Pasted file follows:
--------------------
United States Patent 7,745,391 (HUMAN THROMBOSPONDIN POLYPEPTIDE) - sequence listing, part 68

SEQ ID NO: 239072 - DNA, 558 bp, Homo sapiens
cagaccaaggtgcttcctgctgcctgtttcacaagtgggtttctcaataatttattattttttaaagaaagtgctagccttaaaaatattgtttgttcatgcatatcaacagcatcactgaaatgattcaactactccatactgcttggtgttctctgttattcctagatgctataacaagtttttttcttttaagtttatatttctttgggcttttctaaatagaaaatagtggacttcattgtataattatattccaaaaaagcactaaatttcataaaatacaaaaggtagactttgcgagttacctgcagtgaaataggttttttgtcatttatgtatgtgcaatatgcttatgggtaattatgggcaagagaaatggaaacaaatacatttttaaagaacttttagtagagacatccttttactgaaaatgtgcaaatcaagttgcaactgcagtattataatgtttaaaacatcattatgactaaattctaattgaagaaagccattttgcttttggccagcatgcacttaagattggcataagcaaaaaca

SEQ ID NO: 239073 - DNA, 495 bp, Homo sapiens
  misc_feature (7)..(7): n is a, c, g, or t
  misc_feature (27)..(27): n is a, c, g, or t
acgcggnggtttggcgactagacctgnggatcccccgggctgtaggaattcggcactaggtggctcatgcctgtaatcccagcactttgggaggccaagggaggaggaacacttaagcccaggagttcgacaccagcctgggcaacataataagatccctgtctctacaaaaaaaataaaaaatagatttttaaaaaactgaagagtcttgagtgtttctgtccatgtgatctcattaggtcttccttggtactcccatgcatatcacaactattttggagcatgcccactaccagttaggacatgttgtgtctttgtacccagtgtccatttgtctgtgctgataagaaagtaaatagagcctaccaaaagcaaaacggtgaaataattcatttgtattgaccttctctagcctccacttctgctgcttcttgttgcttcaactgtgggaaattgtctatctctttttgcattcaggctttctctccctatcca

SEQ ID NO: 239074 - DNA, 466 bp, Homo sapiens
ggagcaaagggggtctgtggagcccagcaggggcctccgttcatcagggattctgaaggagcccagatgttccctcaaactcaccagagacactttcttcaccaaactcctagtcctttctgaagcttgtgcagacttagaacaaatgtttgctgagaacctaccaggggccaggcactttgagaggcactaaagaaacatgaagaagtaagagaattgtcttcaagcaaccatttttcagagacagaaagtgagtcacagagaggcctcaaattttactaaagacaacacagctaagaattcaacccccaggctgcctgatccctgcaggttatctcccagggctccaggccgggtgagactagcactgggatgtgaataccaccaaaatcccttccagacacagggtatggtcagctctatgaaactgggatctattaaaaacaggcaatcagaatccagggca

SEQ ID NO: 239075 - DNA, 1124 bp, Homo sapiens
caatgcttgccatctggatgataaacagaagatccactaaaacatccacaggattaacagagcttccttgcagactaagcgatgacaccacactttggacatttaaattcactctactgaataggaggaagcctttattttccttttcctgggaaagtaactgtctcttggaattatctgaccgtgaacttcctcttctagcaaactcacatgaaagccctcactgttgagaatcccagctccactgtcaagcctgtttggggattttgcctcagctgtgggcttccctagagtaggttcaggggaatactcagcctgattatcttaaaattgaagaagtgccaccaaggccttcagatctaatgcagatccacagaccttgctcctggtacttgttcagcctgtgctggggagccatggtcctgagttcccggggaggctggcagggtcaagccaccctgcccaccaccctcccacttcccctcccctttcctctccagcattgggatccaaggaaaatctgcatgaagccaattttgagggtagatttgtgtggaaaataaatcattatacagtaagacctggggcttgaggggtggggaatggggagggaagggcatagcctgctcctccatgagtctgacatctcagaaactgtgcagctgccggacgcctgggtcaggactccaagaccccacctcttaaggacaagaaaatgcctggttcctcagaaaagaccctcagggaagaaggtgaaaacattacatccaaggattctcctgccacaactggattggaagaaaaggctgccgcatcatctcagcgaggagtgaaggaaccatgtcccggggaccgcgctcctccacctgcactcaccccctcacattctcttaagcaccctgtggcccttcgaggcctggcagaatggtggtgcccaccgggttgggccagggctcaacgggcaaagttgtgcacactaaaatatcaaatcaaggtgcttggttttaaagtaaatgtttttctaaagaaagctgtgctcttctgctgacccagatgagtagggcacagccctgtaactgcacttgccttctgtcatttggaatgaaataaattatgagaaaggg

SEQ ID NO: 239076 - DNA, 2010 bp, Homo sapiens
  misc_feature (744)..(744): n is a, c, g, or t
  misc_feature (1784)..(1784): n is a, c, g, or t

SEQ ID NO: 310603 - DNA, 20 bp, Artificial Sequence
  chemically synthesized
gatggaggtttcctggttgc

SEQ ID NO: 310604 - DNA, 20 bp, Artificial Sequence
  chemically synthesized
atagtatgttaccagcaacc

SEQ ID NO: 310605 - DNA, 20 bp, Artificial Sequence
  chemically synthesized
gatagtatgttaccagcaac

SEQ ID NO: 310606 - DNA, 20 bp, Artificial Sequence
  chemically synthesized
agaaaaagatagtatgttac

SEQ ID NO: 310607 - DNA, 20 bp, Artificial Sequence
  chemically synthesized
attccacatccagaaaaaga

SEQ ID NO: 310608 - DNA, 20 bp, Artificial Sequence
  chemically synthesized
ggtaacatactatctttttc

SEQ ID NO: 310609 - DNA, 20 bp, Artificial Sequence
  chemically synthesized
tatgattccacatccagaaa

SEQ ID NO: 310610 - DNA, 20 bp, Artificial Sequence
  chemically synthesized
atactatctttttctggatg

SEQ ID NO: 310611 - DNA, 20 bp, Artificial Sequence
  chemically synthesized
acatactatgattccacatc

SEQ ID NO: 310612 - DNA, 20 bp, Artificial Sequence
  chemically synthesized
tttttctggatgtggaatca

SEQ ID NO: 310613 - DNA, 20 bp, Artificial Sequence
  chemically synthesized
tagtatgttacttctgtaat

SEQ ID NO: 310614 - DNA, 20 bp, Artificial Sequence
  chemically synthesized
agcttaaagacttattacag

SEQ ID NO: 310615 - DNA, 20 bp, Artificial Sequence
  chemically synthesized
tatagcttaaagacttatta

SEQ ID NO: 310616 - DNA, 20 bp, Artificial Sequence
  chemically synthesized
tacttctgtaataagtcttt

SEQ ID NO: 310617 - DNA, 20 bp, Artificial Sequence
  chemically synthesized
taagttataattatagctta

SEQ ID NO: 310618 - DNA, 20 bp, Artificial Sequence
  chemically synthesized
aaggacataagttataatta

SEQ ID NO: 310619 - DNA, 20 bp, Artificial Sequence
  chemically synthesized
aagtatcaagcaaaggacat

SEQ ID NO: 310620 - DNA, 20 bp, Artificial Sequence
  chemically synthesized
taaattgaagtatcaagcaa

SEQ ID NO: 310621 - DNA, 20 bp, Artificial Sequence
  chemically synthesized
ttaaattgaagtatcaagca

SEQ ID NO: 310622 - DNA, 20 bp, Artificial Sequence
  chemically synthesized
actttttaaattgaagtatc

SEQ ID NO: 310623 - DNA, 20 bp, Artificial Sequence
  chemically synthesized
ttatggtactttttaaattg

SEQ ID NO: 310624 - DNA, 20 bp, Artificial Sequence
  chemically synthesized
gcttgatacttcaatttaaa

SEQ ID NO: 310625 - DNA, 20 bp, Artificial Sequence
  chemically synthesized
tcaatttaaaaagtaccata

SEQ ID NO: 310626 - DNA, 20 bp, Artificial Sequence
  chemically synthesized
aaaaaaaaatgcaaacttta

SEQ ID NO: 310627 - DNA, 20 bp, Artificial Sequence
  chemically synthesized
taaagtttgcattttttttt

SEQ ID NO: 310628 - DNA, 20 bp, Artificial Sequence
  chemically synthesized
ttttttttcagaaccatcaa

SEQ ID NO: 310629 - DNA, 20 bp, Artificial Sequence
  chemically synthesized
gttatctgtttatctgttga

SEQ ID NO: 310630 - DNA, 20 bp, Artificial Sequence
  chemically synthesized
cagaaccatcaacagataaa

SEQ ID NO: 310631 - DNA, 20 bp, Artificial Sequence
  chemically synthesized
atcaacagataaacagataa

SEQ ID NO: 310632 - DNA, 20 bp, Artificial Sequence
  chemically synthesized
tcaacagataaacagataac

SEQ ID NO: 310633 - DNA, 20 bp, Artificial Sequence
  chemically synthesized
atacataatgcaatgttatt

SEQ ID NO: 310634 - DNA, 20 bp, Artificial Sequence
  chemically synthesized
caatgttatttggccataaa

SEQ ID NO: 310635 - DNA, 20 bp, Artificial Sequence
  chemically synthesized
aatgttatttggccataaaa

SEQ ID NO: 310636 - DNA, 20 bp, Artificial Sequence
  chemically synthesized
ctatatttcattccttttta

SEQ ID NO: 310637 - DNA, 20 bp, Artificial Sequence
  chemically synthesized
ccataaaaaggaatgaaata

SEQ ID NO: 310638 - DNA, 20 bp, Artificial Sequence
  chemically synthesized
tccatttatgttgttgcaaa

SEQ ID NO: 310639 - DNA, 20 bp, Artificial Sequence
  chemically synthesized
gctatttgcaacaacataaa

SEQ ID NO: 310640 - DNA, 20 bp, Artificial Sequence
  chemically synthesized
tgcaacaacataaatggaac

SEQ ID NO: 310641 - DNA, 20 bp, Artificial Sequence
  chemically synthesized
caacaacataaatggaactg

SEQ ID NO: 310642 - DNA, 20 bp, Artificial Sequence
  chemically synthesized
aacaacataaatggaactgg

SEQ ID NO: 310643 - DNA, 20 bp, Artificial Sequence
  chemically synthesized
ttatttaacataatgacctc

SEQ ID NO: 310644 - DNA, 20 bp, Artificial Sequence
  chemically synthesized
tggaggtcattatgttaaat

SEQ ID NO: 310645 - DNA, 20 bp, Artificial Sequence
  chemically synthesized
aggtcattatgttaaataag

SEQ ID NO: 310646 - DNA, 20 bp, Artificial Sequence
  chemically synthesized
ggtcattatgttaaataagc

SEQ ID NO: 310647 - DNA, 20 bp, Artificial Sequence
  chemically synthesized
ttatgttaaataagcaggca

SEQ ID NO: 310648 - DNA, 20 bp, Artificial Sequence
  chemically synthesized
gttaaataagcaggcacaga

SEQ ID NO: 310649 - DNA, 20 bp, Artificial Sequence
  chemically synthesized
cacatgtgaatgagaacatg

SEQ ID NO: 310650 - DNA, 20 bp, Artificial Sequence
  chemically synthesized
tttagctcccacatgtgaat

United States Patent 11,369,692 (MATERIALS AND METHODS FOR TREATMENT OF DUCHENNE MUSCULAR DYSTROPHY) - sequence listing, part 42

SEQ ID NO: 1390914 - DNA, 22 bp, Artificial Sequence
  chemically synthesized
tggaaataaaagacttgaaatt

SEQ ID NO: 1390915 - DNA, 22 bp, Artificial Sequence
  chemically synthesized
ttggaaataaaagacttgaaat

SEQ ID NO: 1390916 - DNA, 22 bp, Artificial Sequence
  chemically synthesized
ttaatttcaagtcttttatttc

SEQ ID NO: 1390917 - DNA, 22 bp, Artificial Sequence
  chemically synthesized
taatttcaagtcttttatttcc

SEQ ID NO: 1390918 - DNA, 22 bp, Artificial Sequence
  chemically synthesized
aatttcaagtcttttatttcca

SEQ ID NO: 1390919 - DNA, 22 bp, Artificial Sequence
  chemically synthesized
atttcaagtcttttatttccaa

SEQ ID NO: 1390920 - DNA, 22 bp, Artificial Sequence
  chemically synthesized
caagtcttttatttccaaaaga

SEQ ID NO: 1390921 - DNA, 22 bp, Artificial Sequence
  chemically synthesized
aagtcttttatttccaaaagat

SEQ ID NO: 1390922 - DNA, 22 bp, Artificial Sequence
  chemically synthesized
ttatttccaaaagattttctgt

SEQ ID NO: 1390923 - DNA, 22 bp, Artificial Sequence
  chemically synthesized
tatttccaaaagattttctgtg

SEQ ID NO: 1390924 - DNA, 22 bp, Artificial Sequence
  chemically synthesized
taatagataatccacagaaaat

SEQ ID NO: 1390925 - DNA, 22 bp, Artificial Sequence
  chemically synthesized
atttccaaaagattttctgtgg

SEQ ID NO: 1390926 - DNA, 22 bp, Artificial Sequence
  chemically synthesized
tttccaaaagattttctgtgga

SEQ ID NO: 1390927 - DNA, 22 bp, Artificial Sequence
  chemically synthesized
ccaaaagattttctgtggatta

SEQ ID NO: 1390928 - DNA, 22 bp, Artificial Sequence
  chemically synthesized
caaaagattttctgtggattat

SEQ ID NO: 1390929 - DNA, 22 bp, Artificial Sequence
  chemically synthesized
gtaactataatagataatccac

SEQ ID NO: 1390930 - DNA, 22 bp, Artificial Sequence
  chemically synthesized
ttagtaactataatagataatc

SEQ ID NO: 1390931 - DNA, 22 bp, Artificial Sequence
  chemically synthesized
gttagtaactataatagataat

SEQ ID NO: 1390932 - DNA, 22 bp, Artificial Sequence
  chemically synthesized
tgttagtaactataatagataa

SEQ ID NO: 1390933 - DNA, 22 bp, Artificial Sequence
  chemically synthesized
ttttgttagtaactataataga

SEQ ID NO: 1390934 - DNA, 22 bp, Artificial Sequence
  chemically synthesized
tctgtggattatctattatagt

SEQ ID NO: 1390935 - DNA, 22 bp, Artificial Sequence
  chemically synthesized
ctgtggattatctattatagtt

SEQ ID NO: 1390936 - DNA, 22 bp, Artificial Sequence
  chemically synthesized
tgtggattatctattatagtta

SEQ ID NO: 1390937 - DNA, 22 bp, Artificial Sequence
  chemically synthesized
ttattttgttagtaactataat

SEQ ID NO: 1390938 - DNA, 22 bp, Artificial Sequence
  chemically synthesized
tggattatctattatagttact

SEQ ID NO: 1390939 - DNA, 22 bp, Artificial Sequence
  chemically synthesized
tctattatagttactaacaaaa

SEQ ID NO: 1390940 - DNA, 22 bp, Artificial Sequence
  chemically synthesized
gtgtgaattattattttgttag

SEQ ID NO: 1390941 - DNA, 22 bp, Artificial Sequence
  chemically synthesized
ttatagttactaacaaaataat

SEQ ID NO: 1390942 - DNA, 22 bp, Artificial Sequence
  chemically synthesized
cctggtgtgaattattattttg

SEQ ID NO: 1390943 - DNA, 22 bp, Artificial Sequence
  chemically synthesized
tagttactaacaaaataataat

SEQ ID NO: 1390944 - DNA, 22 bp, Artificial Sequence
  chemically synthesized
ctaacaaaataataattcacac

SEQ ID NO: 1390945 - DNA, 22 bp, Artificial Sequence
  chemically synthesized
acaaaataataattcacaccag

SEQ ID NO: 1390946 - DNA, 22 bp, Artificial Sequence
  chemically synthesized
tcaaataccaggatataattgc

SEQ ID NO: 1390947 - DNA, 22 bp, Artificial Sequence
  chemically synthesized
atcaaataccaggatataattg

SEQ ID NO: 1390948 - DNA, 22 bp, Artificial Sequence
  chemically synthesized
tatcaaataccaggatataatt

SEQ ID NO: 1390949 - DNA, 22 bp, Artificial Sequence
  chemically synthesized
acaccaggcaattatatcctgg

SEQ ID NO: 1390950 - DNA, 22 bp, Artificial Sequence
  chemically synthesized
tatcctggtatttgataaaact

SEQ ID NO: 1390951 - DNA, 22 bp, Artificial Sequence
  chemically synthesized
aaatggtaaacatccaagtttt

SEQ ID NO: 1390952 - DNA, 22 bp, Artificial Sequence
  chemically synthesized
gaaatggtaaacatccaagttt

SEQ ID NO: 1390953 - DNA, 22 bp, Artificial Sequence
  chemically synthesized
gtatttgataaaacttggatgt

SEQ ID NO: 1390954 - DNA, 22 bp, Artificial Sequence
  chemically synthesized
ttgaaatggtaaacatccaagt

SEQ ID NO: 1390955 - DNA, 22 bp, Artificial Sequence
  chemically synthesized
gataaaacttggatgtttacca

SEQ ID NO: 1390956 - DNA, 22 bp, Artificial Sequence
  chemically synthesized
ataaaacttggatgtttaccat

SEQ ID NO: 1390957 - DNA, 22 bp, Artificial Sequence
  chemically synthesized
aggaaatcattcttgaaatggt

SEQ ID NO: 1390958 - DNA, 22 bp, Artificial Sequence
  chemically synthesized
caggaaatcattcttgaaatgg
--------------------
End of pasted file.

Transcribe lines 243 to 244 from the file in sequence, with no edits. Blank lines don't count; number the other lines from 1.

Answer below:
ttatagttactaacaaaataat

SEQ ID NO: 1390942 - DNA, 22 bp, Artificial Sequence